On twitter yesterday, Brad DeLong got into it with a Bush-era Treasury & Senate Budget staffer on whether or not Senate Democrats could have used reconciliation, a procedure by which certain legislation cannot be filibustered in the Senate, to push through additional stimulus. The complication here is that Senate Democrats had enacted pay-as-you-go restrictions that subjected any deficit increasing legislation or amendment to a 60-vote test, even when attached to budget bills that are considered under reconciliation. This is a feature as far as any progressive is concerned, since without it, Senate Republicans could offer tax cuts or business-friendly legislation that many Senate Democrats would feel compelled to vote for out of ideological preference, parochial interest group desires, or political survival. Had Democrats unwound their own PAYGO rule to enact more stimulus, they would have opened the door to an unending series of votes that would be extremely uncomfortable for Evan Bayh, Blanche Lincoln, Joe Lieberman, Ben Nelson, Kent Conrad, Kay Hagan, etc. It would not be a good trade for Democrats.
But the focus on rules here ignores the fact that the Senate is not a rules-driven institution. It's a norms-driven institution, similar to, say, NFL officiating or running a major airline. Former Bill Bradley staffer, New America Foundation fellow, American Prospect editor, and ... well, I'm not sure what he's doing now... Mark Schmitt wrote about this more eloquently here, here, and here, and Oregon Senator and official Donkeylicious mascot Jeff Merkley talked about it in an interview with Ezra Klein here and here. To drive the point home, though, let me try a pop-culture infused explanation.
If all Senators used the Senate Rules to achieve local maximum advantage, nothing would ever get done, in roughly the same way that if American Airline pilots wrote up every repair that the FAA considered a potential flight risk, no plane would leave on time. So it's unusual for rules to be enforced to the letter at all times.
The Senate rules are such that any Senator (or group of Senators) with sufficient commitment, can act as a check on action in such a way as to grind Senate business to a halt. Various procedural tools: the filibuster, anonymous holds, offering
large numbers of amendments, etc., can be used at almost any point in
time. We've seen this several times in just the past four years. Jim Bunning placed a hold on an unemployment extension that was otherwise agreed to; Lindsay Graham threatening to block all nominations to the NLRB until it dropped its complaint against Boeing; Tom Coburn forcing Bernie Sanders' single-payer bill to be read out loud on the Senate floor; repeated filibusters, public hold, or anonymous holds on various subcabinet appointments, and so forth.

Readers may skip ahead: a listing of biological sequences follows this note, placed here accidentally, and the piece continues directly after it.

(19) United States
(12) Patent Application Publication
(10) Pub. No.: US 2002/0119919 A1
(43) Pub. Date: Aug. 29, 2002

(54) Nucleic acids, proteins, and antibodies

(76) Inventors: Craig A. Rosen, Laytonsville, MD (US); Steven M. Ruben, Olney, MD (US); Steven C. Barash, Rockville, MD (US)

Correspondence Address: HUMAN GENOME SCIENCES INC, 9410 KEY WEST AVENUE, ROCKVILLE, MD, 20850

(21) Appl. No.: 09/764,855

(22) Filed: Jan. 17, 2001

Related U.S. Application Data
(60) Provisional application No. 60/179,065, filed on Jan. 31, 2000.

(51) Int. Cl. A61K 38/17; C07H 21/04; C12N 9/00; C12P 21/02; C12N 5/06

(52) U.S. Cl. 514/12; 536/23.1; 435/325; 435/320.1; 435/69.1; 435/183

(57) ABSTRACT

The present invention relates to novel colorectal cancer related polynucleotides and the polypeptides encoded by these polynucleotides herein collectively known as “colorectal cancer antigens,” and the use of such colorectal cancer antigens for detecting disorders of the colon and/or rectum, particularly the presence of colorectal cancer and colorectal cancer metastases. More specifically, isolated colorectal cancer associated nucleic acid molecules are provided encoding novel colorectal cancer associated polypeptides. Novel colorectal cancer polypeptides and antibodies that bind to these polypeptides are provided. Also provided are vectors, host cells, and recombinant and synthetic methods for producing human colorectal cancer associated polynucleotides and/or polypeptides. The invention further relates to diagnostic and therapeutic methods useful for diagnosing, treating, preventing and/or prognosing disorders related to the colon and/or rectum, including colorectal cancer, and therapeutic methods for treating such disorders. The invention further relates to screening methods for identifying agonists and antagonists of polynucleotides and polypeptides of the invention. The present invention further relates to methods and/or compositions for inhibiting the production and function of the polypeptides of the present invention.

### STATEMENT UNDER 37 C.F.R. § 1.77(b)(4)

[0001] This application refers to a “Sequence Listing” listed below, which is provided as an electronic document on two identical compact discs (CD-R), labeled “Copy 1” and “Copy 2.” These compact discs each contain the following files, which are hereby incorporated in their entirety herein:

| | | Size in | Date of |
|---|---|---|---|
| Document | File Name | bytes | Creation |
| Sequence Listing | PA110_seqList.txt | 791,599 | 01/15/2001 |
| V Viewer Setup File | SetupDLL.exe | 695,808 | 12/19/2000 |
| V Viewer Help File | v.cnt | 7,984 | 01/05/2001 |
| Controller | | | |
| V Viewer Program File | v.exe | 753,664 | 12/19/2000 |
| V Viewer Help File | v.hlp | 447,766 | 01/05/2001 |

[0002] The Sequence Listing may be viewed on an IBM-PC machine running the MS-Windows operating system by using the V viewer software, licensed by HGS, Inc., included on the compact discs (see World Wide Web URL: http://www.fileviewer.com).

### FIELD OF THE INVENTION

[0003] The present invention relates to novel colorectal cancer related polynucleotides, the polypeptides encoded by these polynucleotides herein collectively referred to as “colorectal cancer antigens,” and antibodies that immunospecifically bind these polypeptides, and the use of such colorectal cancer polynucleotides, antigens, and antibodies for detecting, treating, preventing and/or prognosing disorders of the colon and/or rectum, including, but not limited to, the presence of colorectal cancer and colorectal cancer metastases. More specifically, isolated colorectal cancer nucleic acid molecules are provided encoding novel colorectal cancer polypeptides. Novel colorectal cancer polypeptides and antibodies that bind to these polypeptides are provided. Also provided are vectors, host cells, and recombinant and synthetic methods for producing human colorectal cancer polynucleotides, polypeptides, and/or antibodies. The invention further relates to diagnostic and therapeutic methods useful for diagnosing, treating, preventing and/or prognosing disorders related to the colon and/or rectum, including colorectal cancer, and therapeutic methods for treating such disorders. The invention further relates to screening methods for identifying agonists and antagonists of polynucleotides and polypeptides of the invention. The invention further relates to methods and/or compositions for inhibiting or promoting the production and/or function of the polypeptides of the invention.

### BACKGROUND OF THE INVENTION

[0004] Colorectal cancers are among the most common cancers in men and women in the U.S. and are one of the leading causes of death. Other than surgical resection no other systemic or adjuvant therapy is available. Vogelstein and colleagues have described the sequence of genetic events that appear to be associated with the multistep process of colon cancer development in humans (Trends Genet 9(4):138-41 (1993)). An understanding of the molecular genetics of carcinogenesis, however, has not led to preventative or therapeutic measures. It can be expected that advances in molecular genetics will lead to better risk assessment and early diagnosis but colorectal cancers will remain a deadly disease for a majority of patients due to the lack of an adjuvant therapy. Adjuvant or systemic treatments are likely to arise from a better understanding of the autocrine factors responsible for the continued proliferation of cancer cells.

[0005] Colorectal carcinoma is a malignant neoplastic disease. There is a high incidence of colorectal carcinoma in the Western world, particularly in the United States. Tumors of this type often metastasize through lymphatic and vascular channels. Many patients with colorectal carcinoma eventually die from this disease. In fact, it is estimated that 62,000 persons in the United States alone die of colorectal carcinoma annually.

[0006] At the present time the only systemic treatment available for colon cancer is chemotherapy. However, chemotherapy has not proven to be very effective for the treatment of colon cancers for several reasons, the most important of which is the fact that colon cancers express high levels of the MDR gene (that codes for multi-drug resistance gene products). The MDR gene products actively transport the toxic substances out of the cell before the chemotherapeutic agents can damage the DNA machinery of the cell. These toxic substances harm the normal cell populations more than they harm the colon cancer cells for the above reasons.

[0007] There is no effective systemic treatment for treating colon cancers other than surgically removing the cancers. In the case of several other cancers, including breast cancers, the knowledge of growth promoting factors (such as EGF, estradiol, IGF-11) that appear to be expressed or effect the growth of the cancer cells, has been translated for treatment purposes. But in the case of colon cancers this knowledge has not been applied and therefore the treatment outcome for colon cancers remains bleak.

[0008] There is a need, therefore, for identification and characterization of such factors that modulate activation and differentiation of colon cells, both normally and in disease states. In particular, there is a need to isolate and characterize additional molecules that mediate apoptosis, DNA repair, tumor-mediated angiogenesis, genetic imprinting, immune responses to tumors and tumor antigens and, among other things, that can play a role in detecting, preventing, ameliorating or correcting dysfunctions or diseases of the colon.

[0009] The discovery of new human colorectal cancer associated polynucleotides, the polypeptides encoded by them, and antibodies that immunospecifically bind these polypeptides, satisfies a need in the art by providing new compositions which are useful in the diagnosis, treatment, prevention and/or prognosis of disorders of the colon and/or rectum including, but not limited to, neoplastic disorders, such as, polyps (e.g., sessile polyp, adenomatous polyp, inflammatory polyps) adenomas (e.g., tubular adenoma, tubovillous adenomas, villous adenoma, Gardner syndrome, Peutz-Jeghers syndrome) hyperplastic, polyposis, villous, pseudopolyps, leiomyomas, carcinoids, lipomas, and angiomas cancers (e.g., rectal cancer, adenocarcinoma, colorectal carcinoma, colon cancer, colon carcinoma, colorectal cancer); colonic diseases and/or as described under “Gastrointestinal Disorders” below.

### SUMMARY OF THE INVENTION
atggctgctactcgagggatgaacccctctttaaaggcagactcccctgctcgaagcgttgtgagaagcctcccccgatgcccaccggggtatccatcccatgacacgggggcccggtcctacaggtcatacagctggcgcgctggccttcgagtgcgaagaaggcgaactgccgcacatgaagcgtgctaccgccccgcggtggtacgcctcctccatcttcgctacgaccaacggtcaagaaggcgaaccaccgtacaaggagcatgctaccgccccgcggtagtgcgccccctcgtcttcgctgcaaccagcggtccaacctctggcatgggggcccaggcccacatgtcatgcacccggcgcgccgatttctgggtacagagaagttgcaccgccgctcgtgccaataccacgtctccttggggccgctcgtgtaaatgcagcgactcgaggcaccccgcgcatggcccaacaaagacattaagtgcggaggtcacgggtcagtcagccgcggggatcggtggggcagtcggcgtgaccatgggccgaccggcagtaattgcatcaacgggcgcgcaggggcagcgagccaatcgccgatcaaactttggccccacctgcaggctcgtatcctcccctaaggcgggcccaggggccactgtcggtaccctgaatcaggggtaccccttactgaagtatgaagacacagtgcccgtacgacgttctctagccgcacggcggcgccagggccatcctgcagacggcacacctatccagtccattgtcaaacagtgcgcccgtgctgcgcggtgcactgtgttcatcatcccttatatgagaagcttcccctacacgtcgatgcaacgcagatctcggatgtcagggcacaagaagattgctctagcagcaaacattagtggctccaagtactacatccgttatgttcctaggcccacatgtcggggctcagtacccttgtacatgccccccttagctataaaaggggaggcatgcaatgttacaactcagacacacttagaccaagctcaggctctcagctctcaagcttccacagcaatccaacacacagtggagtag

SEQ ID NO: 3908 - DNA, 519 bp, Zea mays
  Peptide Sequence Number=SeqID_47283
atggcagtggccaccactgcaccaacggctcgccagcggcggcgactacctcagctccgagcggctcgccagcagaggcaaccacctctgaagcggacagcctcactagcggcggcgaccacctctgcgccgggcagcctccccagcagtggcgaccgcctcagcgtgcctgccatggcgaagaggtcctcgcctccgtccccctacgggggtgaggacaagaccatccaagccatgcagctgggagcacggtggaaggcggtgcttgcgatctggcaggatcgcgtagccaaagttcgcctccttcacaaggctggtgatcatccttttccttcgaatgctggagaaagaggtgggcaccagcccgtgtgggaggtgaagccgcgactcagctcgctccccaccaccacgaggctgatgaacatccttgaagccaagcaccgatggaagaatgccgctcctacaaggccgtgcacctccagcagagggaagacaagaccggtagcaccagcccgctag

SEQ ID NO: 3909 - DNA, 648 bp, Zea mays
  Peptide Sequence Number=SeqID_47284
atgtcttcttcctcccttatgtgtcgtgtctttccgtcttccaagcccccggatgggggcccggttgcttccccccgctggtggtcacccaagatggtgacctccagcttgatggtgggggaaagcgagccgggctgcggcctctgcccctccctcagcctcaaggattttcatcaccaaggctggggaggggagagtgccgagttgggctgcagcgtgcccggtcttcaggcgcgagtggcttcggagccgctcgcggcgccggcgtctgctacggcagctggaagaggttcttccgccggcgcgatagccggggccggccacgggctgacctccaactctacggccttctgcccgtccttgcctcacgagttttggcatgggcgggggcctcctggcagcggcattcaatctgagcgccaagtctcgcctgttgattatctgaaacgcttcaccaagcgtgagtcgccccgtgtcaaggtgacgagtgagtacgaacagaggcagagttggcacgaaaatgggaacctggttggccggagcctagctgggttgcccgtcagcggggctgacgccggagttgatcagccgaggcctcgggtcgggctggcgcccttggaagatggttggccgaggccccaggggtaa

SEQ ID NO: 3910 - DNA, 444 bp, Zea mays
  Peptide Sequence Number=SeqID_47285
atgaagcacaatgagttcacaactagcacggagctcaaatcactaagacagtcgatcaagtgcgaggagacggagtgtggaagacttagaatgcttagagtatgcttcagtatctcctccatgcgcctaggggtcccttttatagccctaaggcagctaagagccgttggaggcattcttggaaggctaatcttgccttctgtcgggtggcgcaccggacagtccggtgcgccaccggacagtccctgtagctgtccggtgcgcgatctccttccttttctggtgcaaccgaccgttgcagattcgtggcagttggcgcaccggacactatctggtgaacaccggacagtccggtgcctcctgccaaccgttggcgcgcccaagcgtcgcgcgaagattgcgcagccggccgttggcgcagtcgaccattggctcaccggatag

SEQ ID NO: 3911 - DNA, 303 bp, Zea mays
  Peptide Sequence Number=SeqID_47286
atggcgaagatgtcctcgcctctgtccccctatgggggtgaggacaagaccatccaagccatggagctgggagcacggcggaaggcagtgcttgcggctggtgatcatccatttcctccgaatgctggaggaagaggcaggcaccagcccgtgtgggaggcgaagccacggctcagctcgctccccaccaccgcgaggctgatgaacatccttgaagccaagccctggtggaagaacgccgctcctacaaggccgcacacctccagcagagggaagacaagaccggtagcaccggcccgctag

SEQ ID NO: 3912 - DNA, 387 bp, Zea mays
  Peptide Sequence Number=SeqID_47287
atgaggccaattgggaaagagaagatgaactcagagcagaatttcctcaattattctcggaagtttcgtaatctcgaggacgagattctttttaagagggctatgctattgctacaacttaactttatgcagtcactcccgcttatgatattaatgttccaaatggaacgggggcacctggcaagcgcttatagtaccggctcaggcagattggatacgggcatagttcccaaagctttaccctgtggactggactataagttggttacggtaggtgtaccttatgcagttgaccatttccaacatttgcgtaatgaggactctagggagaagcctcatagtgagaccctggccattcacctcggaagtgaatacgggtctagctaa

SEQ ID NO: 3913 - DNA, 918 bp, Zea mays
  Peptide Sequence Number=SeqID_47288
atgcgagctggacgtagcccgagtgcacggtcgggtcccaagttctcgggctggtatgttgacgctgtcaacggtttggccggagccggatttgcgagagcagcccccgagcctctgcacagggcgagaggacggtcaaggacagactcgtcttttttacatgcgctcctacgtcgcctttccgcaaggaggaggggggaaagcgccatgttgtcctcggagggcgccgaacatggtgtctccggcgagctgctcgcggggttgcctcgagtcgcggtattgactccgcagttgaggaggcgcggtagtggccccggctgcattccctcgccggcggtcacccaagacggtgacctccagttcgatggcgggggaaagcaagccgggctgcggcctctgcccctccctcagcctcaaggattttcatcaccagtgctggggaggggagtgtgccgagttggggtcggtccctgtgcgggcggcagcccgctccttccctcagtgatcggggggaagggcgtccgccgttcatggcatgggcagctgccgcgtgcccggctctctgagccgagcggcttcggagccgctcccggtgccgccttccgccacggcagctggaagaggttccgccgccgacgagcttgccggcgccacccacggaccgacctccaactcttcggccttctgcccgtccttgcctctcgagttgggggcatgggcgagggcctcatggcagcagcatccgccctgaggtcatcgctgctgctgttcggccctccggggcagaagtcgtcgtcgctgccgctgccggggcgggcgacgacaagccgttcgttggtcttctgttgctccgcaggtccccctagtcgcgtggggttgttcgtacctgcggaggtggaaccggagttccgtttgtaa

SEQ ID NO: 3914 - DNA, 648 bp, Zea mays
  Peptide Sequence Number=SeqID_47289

Wheaton's Law is most palatable to the geriatric old men (and not enough women) that populate the Senate. Enough Senators have to realize that to get anything done, they can't actually assert all the power to which they're entitled under the Senate's standing rules. The fact that most Senators will spend time both in and out of power means that the majority will have some empathy for the minority's situation, and vice versa. The end of this basic understanding is a big piece of the reason why Congress has broken down over the past two decades. Prior to Bill Clinton's election, social norms among Senators severely limited the application of the filibuster. But that norm has eroded as Senators from both parties -- but mostly Republicans -- have become more interested in using Senate procedure to extract maximum short-term partisan advantage.
There is no way out of this box through rule changes. If the filibuster were to go away, Mitch McConnell would have plenty of
other tools at his disposal to delay or deny the President's agenda. The only way out is to replace current Senators with new Senators whose personal preference is for a less calcified legislative body, or for existing Senators to decide that gridlock is one of the root causes of electoral defeats.
I disagree, at least in part.
First of all, a commitment on the part of 50+ Dems to changing the rules would demonstrate a refusal to put up with the procedural shit that's been going on over the past several years.
Second, there really are only two tools that I can see in the rules to grind Senate business to a halt. The filibuster is the obvious one, and the other is the allowance for 30 hours of debate after cloture is successfully invoked. (I know about 'holds' - but what is a hold actually, if not the implicit threat of forcing the Senate to waste 30 hours if you don't get your way?)
If the filibuster is reformed, and post-cloture debate is limited to one hour for each party, I really don't see what other tools there are to gum up the works. But I'm open to being educated.
A hold is simply objecting to something that is typically agreed to by unanimous consent. So much mundane Senate business requires unanimous consent that if someone just starts saying "I object" at random intervals nothing can realistically get done.
Forcing the reading of bills is the other tool available.
Flooding bills with amendments (any Senator may offer an amendment to a bill pending on the floor), etc.
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